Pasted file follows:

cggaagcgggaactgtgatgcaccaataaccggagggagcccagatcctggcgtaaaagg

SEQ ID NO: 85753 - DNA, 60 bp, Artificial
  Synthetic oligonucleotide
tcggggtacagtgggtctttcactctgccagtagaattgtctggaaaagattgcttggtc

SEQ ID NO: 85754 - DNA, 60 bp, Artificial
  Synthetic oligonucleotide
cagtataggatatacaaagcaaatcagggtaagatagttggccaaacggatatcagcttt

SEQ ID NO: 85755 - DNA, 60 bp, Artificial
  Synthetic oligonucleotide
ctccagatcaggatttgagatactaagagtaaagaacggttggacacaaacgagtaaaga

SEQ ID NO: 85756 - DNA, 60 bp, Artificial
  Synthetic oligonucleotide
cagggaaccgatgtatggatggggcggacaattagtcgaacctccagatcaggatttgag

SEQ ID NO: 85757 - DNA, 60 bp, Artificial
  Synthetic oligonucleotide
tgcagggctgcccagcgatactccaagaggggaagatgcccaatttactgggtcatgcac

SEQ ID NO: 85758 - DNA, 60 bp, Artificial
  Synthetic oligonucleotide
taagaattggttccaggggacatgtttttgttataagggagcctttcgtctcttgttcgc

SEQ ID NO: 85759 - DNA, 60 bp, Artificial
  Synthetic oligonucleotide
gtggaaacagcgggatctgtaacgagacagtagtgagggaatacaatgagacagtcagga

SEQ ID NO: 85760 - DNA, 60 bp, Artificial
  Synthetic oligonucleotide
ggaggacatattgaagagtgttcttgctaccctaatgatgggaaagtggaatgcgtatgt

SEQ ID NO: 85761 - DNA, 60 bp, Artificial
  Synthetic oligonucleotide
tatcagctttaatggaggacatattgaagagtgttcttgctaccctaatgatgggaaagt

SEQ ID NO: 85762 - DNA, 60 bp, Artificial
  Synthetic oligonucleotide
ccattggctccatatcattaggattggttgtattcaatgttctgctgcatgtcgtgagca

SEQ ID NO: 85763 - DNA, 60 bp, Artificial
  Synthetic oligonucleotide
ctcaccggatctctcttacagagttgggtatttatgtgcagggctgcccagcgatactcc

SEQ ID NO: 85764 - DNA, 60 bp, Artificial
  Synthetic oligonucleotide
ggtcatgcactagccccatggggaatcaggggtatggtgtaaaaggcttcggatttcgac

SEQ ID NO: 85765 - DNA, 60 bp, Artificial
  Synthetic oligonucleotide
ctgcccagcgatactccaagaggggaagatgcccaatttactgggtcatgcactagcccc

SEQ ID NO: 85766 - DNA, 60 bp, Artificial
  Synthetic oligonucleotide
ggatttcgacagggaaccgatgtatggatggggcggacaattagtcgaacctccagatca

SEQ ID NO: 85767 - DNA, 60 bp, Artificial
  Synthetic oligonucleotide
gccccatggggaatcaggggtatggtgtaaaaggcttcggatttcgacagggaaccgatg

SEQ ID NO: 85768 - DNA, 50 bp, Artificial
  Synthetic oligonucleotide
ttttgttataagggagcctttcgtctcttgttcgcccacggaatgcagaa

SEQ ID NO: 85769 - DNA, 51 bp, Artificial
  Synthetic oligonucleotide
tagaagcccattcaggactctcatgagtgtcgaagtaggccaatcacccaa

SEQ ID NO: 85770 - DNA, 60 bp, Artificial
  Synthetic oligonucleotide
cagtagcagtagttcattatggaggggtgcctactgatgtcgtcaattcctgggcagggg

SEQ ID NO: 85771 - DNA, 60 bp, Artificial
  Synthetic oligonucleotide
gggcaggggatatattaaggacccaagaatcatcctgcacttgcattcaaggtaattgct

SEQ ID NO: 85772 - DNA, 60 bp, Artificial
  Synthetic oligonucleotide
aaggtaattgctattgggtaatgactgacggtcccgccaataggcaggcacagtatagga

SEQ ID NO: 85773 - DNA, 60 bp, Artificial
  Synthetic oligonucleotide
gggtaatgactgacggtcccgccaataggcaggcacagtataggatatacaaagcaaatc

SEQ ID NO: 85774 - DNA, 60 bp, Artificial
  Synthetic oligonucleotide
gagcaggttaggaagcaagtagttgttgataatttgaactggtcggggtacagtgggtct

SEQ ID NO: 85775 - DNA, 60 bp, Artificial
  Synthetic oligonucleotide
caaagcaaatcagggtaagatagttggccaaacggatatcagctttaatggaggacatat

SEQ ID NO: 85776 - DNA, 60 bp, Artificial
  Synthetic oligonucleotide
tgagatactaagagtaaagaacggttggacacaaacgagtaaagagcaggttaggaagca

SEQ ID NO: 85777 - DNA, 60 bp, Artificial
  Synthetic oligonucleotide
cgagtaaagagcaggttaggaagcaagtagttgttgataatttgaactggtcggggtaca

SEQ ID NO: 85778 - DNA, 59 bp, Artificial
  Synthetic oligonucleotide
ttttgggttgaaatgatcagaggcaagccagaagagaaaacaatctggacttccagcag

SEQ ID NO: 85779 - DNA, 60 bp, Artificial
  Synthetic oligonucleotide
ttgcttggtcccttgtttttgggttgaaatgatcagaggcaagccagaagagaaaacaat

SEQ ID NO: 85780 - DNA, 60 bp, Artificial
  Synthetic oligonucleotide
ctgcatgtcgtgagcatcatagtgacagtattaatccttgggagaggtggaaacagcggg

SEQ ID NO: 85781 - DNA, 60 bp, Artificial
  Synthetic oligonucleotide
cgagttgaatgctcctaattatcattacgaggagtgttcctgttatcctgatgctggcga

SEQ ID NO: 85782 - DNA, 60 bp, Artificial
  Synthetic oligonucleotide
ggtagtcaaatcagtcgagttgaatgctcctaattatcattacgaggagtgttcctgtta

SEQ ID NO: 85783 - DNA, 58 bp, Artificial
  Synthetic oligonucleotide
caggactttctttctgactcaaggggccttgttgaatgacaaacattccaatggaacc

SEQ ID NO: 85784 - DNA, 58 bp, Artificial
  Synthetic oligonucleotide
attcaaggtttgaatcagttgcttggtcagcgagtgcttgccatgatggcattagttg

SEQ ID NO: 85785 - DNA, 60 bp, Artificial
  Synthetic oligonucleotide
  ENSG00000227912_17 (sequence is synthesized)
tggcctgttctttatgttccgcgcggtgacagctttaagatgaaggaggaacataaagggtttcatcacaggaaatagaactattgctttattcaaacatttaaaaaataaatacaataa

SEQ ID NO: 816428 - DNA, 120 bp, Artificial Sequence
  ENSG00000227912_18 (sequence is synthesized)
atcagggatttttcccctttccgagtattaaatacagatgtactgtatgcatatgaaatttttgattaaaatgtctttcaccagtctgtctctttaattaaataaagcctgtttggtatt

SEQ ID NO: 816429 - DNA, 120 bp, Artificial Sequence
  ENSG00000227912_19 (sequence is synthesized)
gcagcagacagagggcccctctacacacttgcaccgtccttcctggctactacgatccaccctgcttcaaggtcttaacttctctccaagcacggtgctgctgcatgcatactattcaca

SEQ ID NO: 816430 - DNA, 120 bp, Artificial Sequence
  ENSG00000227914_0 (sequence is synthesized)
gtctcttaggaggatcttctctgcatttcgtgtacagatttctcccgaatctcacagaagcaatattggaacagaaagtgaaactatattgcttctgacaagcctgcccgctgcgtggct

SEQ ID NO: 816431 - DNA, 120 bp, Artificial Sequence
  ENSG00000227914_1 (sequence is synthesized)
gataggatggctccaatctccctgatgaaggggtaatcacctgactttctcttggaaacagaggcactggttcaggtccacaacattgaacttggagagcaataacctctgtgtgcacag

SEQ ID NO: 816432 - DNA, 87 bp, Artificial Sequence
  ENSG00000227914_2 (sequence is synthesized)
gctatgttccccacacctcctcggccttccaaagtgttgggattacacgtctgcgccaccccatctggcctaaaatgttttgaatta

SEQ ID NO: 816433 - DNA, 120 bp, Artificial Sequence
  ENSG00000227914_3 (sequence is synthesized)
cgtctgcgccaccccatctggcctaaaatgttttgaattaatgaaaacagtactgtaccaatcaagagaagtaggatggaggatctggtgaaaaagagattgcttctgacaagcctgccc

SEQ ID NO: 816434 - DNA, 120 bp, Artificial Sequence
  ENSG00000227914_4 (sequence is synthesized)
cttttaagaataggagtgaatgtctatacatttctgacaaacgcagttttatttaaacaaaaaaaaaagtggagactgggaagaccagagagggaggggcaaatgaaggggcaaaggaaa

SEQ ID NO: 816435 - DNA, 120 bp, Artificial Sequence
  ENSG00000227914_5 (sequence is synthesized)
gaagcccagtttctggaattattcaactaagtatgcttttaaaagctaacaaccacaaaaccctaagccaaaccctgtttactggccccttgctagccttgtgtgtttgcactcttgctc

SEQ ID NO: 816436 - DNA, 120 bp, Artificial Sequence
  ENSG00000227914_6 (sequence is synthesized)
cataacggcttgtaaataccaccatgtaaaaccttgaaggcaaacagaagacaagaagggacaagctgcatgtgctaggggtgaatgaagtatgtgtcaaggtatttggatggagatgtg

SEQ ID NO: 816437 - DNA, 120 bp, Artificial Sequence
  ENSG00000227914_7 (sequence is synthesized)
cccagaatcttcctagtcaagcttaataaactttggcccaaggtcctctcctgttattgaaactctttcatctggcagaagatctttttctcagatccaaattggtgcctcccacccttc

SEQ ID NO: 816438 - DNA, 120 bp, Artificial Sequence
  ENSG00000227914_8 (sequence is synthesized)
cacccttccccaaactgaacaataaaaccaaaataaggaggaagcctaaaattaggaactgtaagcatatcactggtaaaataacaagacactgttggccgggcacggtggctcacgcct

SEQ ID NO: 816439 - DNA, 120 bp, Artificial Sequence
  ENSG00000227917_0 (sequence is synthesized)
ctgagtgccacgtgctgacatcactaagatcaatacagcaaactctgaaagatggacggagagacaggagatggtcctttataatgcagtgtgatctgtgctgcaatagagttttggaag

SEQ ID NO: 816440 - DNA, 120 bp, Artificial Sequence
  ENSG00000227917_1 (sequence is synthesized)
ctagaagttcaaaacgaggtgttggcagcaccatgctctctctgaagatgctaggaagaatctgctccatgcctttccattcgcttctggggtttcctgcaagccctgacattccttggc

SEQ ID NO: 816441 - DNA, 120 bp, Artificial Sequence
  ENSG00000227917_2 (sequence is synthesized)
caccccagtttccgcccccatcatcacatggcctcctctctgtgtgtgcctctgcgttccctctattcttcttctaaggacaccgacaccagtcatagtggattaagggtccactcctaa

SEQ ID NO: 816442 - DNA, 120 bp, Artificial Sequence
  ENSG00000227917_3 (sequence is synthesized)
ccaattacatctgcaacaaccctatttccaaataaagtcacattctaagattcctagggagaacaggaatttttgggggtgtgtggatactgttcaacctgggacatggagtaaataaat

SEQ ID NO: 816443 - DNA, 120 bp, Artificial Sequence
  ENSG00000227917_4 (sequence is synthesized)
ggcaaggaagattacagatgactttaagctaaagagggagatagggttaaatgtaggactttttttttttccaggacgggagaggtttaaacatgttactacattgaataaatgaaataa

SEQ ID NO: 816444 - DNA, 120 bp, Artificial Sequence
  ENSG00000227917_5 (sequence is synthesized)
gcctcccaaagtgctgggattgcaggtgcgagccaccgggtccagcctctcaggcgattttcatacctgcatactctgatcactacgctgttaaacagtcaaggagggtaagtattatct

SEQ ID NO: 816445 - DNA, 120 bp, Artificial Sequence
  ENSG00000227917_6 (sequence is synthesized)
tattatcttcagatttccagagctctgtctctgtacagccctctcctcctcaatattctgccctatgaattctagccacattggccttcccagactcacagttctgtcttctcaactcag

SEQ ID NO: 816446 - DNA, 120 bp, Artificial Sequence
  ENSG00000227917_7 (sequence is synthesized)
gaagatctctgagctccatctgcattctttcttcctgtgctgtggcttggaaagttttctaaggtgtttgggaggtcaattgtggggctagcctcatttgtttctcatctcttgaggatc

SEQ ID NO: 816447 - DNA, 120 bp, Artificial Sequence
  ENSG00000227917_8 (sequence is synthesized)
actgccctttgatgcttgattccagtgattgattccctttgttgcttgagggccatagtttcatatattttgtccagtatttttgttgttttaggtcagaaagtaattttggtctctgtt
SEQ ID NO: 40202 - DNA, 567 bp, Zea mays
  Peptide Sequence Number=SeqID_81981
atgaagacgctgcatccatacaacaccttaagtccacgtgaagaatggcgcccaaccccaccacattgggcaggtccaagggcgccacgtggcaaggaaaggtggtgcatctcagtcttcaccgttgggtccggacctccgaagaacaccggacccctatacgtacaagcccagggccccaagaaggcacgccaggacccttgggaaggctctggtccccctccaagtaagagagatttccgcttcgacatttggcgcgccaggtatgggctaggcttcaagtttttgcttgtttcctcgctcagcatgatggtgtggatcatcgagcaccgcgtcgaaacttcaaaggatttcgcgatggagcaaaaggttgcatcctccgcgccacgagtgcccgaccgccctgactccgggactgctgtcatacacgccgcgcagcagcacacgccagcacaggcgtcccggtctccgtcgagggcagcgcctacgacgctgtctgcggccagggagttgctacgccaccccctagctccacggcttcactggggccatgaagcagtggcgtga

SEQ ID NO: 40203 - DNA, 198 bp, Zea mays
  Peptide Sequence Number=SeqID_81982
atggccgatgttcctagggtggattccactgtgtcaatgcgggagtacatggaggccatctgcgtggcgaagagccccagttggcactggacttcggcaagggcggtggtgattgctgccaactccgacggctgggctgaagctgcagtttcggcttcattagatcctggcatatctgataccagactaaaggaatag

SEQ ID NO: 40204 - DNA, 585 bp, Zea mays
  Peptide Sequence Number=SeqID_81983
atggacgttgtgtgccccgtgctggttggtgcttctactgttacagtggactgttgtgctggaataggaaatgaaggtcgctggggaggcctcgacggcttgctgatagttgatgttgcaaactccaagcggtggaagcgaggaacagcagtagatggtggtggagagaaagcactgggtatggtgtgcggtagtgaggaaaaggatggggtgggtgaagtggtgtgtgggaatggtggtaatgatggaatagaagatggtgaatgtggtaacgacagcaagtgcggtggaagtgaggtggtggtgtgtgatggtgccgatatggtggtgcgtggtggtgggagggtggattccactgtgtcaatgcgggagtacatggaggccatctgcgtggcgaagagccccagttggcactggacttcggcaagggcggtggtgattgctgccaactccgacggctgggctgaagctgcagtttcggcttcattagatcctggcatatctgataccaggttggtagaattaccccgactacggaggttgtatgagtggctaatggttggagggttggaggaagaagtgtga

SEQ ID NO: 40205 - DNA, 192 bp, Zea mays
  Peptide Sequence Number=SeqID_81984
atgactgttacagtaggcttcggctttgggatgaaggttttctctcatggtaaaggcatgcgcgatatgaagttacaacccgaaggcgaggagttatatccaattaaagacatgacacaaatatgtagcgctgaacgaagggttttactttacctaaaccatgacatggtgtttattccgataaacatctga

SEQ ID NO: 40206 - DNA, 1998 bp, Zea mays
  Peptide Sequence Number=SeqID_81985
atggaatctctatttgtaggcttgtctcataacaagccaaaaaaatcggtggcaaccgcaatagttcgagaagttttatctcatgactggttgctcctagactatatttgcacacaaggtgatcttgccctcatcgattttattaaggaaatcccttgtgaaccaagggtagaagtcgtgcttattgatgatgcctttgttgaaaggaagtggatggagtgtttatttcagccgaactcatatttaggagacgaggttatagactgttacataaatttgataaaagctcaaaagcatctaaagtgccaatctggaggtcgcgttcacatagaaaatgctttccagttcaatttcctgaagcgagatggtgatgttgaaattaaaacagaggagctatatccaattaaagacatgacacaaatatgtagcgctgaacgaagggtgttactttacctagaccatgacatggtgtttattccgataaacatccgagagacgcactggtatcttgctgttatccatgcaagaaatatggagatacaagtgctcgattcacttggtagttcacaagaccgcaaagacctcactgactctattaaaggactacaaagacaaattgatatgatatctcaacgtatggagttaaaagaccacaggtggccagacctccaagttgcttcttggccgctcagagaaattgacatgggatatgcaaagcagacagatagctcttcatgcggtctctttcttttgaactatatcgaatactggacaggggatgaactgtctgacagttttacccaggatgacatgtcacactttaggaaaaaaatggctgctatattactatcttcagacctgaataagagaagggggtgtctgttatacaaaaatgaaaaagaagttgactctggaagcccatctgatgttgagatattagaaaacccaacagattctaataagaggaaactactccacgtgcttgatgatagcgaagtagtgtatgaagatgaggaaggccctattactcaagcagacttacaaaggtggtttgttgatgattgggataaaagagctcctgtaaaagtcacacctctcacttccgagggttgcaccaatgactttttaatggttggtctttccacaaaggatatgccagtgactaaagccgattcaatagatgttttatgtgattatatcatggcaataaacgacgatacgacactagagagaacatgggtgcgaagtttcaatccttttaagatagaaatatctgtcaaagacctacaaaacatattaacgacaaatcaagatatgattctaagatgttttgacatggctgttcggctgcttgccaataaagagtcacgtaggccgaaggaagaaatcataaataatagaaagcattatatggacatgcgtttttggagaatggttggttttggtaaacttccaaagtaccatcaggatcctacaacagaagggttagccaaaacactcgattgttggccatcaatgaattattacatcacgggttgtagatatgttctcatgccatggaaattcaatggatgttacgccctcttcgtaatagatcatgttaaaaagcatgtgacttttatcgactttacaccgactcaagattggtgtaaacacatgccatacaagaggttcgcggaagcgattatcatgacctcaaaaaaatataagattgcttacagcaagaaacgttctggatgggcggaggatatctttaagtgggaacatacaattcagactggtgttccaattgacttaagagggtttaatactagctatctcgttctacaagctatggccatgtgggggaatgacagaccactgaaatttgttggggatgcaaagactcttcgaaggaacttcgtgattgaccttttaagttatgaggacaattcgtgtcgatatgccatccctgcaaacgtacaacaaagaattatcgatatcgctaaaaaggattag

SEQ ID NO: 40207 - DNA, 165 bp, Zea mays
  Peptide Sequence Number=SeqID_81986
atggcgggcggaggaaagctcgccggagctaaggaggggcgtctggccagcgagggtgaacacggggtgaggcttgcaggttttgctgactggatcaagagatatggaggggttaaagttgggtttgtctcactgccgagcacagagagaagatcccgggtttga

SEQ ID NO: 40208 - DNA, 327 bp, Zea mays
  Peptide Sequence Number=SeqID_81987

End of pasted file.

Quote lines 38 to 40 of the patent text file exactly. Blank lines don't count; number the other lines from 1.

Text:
SEQ ID NO: 85765 - DNA, 60 bp, Artificial
  Synthetic oligonucleotide
ctgcccagcgatactccaagaggggaagatgcccaatttactgggtcatgcactagcccc